NY Times Magazine: Innovating the Innovation issue
Rarely is the public offered a glimpse behind the closed doors of the New York Times, so it was a bit of a thrill to see the ‘behind-the-scenes’ process for the publication, from conception of an issue right through to delivering the product.
The theme of this week’s New York Times Magazine is innovation. 32 Innovations That Will Change Your Tomorrow has been published online, and it well worth a read.
As a treat to readers, the NY Times magazine blog plots out the step-by-step process into designing and creating this week’s issue. It really is fascinating to see many different skilled and creative minds at the top of their game collaborate and workshop ideas.
The New York Times Magazine logo has not changed since it was launched 116 years ago. Outside designers were asked to breathe new life into the iconic logo. What follows charts the creative process for the logo, the cover as well as between the covers of the magazine.
Requirements for the new logo were that it had to be experimental, eligible, and say the New York Times. That was it. The creative types were otherwise given free reign over their rethink of the logo.
Sixty-nine proposals were received from a range of firms and individuals. The difficult task then lay on the shoulders of the magazine’s creative team to whittle down these potential logos to just eight.
“We gave a lot of consideration to the ideas behind the designs, but we also thought about what would work best with our format, about the group as a whole — we wanted visual and conceptual variety — and, of course, about the aesthetics,” art director Gail Bichler said.
Four different covers were selected for the issue which would be printed and then distributed randomly. (The remaining four were shown inside the magazine). Four neighbouring households could receive four different covers of the magazine.
Inside the magazine
The accompanying artwork for the cover story was initially going to be about a day in the life of a man whose day brings him into contact with each of the 32 inventions. However, focusing on just one character proved to be too difficult, so each creation received its own design. Thirty-two mini-stories had to be linked together. Different coloured pages were used throughout the feature to represent how light changes during the day.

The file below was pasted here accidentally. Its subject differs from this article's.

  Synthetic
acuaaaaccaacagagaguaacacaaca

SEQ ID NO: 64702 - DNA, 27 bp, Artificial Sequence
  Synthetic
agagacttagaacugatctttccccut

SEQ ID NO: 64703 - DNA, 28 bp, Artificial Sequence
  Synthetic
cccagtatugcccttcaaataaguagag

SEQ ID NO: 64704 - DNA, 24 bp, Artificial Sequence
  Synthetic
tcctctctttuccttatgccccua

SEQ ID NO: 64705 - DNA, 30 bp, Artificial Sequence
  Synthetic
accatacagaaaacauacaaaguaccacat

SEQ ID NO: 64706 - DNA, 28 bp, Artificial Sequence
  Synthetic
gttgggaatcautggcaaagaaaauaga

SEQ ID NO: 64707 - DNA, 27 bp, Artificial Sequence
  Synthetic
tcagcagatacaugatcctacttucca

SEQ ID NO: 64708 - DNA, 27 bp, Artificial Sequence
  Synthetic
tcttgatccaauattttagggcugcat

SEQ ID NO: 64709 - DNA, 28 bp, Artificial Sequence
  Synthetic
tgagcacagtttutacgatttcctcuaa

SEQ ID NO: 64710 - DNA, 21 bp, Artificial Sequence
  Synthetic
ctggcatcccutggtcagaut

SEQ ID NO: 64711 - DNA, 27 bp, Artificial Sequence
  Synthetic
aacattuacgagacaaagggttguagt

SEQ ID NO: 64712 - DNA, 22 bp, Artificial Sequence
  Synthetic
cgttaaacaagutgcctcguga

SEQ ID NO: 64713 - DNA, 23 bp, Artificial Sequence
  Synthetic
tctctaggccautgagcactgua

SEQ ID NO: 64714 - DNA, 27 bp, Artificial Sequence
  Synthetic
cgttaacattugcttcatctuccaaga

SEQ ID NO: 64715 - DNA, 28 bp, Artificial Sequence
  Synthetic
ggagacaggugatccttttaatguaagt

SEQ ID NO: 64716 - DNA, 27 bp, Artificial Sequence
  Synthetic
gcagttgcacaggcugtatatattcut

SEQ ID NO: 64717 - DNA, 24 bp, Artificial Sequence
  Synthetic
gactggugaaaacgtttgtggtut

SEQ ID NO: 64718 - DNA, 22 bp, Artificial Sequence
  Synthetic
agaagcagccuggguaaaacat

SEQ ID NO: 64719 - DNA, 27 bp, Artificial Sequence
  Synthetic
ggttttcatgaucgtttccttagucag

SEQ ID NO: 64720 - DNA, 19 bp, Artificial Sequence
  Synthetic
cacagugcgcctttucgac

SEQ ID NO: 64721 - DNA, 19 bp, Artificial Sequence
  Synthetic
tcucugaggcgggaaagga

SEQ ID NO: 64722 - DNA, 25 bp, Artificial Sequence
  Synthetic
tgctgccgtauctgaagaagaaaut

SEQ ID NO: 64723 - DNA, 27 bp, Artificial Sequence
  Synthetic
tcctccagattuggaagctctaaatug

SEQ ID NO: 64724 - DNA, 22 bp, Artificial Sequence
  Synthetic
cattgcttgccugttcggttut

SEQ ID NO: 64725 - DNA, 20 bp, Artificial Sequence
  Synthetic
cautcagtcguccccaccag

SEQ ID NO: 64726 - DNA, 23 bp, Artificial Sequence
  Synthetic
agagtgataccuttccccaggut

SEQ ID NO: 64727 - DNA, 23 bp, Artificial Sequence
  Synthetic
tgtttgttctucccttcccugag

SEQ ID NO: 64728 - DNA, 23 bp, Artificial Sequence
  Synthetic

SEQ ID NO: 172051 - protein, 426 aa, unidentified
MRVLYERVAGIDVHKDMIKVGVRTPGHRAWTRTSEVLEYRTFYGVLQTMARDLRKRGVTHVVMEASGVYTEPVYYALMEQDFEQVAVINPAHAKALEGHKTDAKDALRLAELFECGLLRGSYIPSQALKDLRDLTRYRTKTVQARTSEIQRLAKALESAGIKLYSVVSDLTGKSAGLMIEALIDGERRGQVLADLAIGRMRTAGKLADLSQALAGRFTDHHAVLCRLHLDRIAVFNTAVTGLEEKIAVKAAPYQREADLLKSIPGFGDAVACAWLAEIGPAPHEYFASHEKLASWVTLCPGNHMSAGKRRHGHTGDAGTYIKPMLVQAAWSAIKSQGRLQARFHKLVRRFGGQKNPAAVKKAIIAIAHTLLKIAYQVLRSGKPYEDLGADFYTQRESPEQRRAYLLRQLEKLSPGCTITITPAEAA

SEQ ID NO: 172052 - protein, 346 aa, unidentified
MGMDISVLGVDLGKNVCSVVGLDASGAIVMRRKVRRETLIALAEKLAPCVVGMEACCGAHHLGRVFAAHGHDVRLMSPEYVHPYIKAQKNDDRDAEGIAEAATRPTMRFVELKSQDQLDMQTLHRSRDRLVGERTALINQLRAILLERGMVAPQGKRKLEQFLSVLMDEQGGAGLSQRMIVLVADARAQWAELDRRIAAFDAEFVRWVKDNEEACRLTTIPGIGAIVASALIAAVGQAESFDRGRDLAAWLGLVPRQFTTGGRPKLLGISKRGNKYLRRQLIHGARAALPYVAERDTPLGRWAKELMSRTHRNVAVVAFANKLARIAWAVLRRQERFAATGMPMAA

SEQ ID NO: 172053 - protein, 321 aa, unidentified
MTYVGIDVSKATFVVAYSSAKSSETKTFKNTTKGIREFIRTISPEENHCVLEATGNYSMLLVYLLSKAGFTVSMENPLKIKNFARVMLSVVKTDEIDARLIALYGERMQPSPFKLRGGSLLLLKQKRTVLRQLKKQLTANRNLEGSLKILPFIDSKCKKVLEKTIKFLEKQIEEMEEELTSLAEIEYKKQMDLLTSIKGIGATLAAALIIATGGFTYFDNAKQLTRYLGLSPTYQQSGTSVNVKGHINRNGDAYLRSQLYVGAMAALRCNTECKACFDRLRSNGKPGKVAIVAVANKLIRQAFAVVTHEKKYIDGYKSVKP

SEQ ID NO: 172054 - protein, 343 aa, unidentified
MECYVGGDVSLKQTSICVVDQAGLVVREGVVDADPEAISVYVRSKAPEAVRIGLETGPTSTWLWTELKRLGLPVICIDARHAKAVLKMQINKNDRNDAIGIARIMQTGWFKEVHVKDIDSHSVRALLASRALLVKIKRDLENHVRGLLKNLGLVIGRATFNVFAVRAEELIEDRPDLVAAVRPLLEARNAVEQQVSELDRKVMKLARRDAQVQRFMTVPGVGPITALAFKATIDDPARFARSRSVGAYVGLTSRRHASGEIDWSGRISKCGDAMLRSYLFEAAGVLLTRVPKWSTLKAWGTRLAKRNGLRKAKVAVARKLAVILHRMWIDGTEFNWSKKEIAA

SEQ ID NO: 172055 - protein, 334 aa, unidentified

Adobe illustrator was used to create the graphics in “perfect form” i.e. circles were used to create perfect curves and angles were kept at either 45 or 90 degrees.
The playground monster seen on one of the four final covers (lead image for this post) originally began life as a sketched dinosaur, but this evolved into the crocodile that was to appear inside the mag. People were much more enthusiastic about the crocodile, so he received a promotion as a cover model and dinosaur sadly became extinct.
The NYTimes magazine blog goes into further detail, and if you have a few minutes, makes for a great read.
- Five Steps to use Innovation to find Market Growth Opportunities - September 23, 2019
- How to recognise Innovation Theatre - September 2, 2019
- 5 Ways to Create a Customer Centric Strategy - August 22, 2019
- The Future of Leadership – Empathetic Leaders - August 11, 2019
- Creating Time for Innovation - August 5, 2019
- 10 Lessons to Learn From Startup Failures - August 5, 2019
- The Top 5 Digital Transformation Insights from Mary Meeker’s 2019 Internet Report - June 20, 2019
- Bridal Wear and Business Model Transformation: What do They Have in Common? - June 19, 2019
- How Amazon is Reinventing Retail – Literally from The Ground Up! - May 28, 2019
- Bezos’ letter to shareholders showcases great communication and strategy - April 29, 2019
Managing Director, The Strategy Group
Dr Tobias is an accomplished innovation consultant and entrepreneurship strategist, drawing expertise from the academic, entrepreneurial and corporate worlds. Jeffrey’s commercial and business experience is particularly focussed on lean startup, design thinking and leadership. Prior to The Strategy Group, Jeffrey was Cisco’s Global Lead for Innovation in the Internet Business Solutions Group helping Fortune Global 500 companies improve customer experience and grow revenue by transforming how they do business.
Jeffrey is a professor of innovation and entrepreneurship teaching MBA students at the Australian Graduate School of Business at the University of New South Wales. An active angel investor, Jeffrey is on the board of various well known startups. Jeffrey’s corporate background includes leading global innovation strategy at Cisco, working with large corporates such as Adobe, Westpac, Telstra, Woolworths, and Perpetual.